Souhan: Granlund goes airborne to get one past Varlamov

  • Article by: JIM SOUHAN , Star Tribune
  • Updated: April 22, 2014 - 11:50 AM

If, next week, the Colorado Avalanche has advanced to the second round of the playoffs, the Wild will be sitting home, watching on TV, taking pride in a wardrobe change.

Semyon Varlamov would be wearing a new chest protector. The old one, by now, must look like the shirt worn by Sonny Corleone during the tollbooth scene in “The Godfather.”

The Wild peppered and tenderized Varlamov on Monday night at the X. The Wild did not score until, with 14 minutes, 52 seconds remaining in the first overtime period, Mikael Granlund decided to test a theory that air would provide less resistance than padding.

The Wild’s first 45 official shots on goal had bounced off Varlamov’s chest, banked off his blocker or shin pads, or landed in his glove. Now, early in an overtime that threatened to deepen the Minnesota frustration, Granlund was fighting for the puck in the corner, winning it from a much larger man, Jan Hejda, and speedskating it toward the net.

Hejda tried to lift his stick. Erik Johnson pushed another Wild player away and dived, trying to deflect the puck with his glove. Marc-Andre Cliché tried to steal the puck more conventionally. And Varlamov himself chugged out of the crease, hoping to cut off Granlund’s angle.

So Granlund deked, dodged and dived. Wild fans first learned of him as a Finnish player who would score lacrosse-style goals in international competition, picking up the puck with his blade and stuffing it into the net from behind the goal. Now he was diving, flying parallel to the ice, with the puck still stuck to his stick, until he was past Varlamov, and the open net beckoned.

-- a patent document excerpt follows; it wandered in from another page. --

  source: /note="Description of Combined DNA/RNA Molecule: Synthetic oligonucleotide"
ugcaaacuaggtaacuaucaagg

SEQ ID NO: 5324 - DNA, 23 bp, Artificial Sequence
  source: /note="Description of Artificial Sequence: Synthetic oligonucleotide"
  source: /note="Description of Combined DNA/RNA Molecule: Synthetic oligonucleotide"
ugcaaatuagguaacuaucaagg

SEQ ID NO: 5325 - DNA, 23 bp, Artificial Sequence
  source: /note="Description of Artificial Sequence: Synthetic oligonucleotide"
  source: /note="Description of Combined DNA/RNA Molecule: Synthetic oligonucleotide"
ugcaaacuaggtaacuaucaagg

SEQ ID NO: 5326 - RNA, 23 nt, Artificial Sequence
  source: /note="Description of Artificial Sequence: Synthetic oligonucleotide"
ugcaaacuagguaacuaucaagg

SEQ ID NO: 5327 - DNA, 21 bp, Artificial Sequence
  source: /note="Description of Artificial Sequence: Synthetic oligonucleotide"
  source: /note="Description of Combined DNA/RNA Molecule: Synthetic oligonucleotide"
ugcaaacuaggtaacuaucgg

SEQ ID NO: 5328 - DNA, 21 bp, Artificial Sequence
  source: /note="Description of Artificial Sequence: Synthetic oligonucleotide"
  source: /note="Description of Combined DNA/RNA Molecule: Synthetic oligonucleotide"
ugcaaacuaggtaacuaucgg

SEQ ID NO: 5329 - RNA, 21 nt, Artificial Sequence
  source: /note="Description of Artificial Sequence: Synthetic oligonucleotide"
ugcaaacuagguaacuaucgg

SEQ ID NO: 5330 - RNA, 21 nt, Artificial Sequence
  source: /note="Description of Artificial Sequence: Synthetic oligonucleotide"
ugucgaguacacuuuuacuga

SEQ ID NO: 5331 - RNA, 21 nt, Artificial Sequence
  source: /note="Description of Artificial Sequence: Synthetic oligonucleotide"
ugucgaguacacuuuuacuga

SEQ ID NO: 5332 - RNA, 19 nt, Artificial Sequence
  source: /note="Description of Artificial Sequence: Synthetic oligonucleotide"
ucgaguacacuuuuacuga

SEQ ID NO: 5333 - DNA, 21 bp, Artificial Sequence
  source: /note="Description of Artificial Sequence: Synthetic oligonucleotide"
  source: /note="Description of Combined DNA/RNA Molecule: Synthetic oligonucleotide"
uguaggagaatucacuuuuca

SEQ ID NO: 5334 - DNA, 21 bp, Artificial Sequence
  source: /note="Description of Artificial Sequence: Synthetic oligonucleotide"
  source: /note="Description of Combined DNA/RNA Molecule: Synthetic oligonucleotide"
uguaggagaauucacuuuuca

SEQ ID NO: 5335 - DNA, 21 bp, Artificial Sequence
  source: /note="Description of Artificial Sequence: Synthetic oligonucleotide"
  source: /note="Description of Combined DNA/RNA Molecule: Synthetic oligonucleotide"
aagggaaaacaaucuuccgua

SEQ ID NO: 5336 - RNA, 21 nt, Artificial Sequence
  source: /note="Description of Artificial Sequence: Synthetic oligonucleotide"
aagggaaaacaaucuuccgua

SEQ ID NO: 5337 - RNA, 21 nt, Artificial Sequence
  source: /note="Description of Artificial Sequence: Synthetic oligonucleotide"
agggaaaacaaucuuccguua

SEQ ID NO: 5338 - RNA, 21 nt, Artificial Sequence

“He was all over the puck all night,’’ said teammate Zach Parise. “It was awesome to see him score that way.’’

Any way would have worked, after all that time. The Wild’s first 45 shots of the game hardly challenged Varlamov. The 46th left him with no chance.

“I just tried to cut to the middle, and get to the other side of the net,’’ Granlund said.

Parise offered more insight. He said that Colorado typically plays a strict man-to-man defense. “So if you beat your man, you know you’re going to have some room to go to the net,’’ he said.

Granlund has scored 10 goals in 90 career NHL regular-season games. He is minus-7 in those games. He is smallish, and when he tried to play a physical style this season, he wound up with a concussion that threatened his availability for the playoffs.

But his hands? His hands he could lease to surgeons. He became an effective playmaker this season, and while his physical play cost him ice time this season, it led to the winning goal on Monday.

“He took it to a new level tonight,’’ Wild coach Mike Yeo said. “The goal he scored was an amazing play, but his all-around game was very much the way he’s played for us all year. He had a couple of other plays earlier in the game, where he was able to beat a guy down low and he was very aggressive to the net, and eventually he got rewarded.

“This is not a timid guy. From what I’ve seen, generally when teams try to get physical with him he elevates his game. This is a guy that’s used to being a target, to being the center of attention since he was a young kid. Guys like that quite often find times in big moments to make big plays.’’

That’s a working theory for the moment, at least.

In Game 1, the Wild choked away a chance to win with weak defensive plays.

In Game 2, they allowed Nathan MacKinnon to execute double salchows and lutzes unimpeded in open ice.

In Game 3, the Wild took the play to the Avalanche, somehow looking dominant and desperate at once, until Granlund deked, dodged and dived, the puck stuck to his blade until his pursuers were sprawled behind him, and the net was finally vacant.

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